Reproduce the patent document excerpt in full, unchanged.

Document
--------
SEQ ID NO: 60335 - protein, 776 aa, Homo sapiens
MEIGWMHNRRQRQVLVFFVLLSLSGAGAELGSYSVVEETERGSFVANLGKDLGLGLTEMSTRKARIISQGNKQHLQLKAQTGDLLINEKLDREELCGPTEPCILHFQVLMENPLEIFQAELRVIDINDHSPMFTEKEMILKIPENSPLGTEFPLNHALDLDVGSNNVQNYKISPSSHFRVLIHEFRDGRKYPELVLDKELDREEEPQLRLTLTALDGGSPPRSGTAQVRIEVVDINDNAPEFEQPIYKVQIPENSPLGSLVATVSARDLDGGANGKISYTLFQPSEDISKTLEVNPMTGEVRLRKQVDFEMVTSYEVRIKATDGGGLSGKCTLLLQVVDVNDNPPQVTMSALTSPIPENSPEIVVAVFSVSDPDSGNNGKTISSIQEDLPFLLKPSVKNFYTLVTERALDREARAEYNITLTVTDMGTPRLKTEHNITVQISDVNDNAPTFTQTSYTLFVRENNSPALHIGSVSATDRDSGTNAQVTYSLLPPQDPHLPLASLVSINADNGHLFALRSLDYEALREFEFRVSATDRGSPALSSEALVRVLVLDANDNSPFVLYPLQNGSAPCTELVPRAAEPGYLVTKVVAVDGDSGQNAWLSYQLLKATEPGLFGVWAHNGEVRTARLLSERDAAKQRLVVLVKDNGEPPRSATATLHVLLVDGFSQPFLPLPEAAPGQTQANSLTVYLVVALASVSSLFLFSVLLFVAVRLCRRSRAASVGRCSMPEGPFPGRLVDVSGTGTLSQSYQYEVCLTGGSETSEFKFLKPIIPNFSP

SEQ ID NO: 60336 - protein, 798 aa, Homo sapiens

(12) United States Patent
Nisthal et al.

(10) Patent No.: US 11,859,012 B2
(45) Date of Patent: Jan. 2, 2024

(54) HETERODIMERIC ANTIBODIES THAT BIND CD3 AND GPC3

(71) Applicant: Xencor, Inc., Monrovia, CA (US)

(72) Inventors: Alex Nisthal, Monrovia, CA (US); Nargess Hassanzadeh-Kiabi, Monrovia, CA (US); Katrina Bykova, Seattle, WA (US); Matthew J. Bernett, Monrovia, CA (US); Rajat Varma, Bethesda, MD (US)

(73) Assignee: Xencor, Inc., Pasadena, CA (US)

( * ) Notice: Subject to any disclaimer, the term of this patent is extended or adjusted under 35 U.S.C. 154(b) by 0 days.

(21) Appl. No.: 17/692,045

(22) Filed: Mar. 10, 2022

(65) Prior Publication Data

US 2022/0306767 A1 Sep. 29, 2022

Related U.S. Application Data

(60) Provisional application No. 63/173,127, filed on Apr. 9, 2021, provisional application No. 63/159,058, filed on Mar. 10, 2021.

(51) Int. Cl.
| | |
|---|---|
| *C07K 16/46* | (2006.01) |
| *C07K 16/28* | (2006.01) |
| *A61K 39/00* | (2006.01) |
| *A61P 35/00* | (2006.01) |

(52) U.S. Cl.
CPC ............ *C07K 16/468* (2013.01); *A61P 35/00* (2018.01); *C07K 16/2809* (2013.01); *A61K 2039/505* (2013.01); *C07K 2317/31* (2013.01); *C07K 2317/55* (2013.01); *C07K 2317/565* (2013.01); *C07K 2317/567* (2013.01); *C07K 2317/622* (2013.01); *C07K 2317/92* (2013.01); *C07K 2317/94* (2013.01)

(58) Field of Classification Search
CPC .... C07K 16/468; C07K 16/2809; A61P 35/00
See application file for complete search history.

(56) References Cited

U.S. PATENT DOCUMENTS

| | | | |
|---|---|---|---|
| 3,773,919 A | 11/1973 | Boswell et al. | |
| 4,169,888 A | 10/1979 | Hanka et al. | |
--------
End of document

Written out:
SEQ ID NO: 60335 - protein, 776 aa, Homo sapiens
MEIGWMHNRRQRQVLVFFVLLSLSGAGAELGSYSVVEETERGSFVANLGKDLGLGLTEMSTRKARIISQGNKQHLQLKAQTGDLLINEKLDREELCGPTEPCILHFQVLMENPLEIFQAELRVIDINDHSPMFTEKEMILKIPENSPLGTEFPLNHALDLDVGSNNVQNYKISPSSHFRVLIHEFRDGRKYPELVLDKELDREEEPQLRLTLTALDGGSPPRSGTAQVRIEVVDINDNAPEFEQPIYKVQIPENSPLGSLVATVSARDLDGGANGKISYTLFQPSEDISKTLEVNPMTGEVRLRKQVDFEMVTSYEVRIKATDGGGLSGKCTLLLQVVDVNDNPPQVTMSALTSPIPENSPEIVVAVFSVSDPDSGNNGKTISSIQEDLPFLLKPSVKNFYTLVTERALDREARAEYNITLTVTDMGTPRLKTEHNITVQISDVNDNAPTFTQTSYTLFVRENNSPALHIGSVSATDRDSGTNAQVTYSLLPPQDPHLPLASLVSINADNGHLFALRSLDYEALREFEFRVSATDRGSPALSSEALVRVLVLDANDNSPFVLYPLQNGSAPCTELVPRAAEPGYLVTKVVAVDGDSGQNAWLSYQLLKATEPGLFGVWAHNGEVRTARLLSERDAAKQRLVVLVKDNGEPPRSATATLHVLLVDGFSQPFLPLPEAAPGQTQANSLTVYLVVALASVSSLFLFSVLLFVAVRLCRRSRAASVGRCSMPEGPFPGRLVDVSGTGTLSQSYQYEVCLTGGSETSEFKFLKPIIPNFSP

SEQ ID NO: 60336 - protein, 798 aa, Homo sapiens

(12) United States Patent
Nisthal et al.

(10) Patent No.: US 11,859,012 B2
(45) Date of Patent: Jan. 2, 2024

(54) HETERODIMERIC ANTIBODIES THAT BIND CD3 AND GPC3

(71) Applicant: Xencor, Inc., Monrovia, CA (US)

(72) Inventors: Alex Nisthal, Monrovia, CA (US); Nargess Hassanzadeh-Kiabi, Monrovia, CA (US); Katrina Bykova, Seattle, WA (US); Matthew J. Bernett, Monrovia, CA (US); Rajat Varma, Bethesda, MD (US)

(73) Assignee: Xencor, Inc., Pasadena, CA (US)

( * ) Notice: Subject to any disclaimer, the term of this patent is extended or adjusted under 35 U.S.C. 154(b) by 0 days.

(21) Appl. No.: 17/692,045

(22) Filed: Mar. 10, 2022

(65) Prior Publication Data

US 2022/0306767 A1 Sep. 29, 2022

Related U.S. Application Data

(60) Provisional application No. 63/173,127, filed on Apr. 9, 2021, provisional application No. 63/159,058, filed on Mar. 10, 2021.

(51) Int. Cl.
| | |
|---|---|
| *C07K 16/46* | (2006.01) |
| *C07K 16/28* | (2006.01) |
| *A61K 39/00* | (2006.01) |
| *A61P 35/00* | (2006.01) |

(52) U.S. Cl.
CPC ............ *C07K 16/468* (2013.01); *A61P 35/00* (2018.01); *C07K 16/2809* (2013.01); *A61K 2039/505* (2013.01); *C07K 2317/31* (2013.01); *C07K 2317/55* (2013.01); *C07K 2317/565* (2013.01); *C07K 2317/567* (2013.01); *C07K 2317/622* (2013.01); *C07K 2317/92* (2013.01); *C07K 2317/94* (2013.01)

(58) Field of Classification Search
CPC .... C07K 16/468; C07K 16/2809; A61P 35/00
See application file for complete search history.

(56) References Cited

U.S. PATENT DOCUMENTS

| | | | |
|---|---|---|---|
| 3,773,919 A | 11/1973 | Boswell et al. | |
| 4,169,888 A | 10/1979 | Hanka et al. | |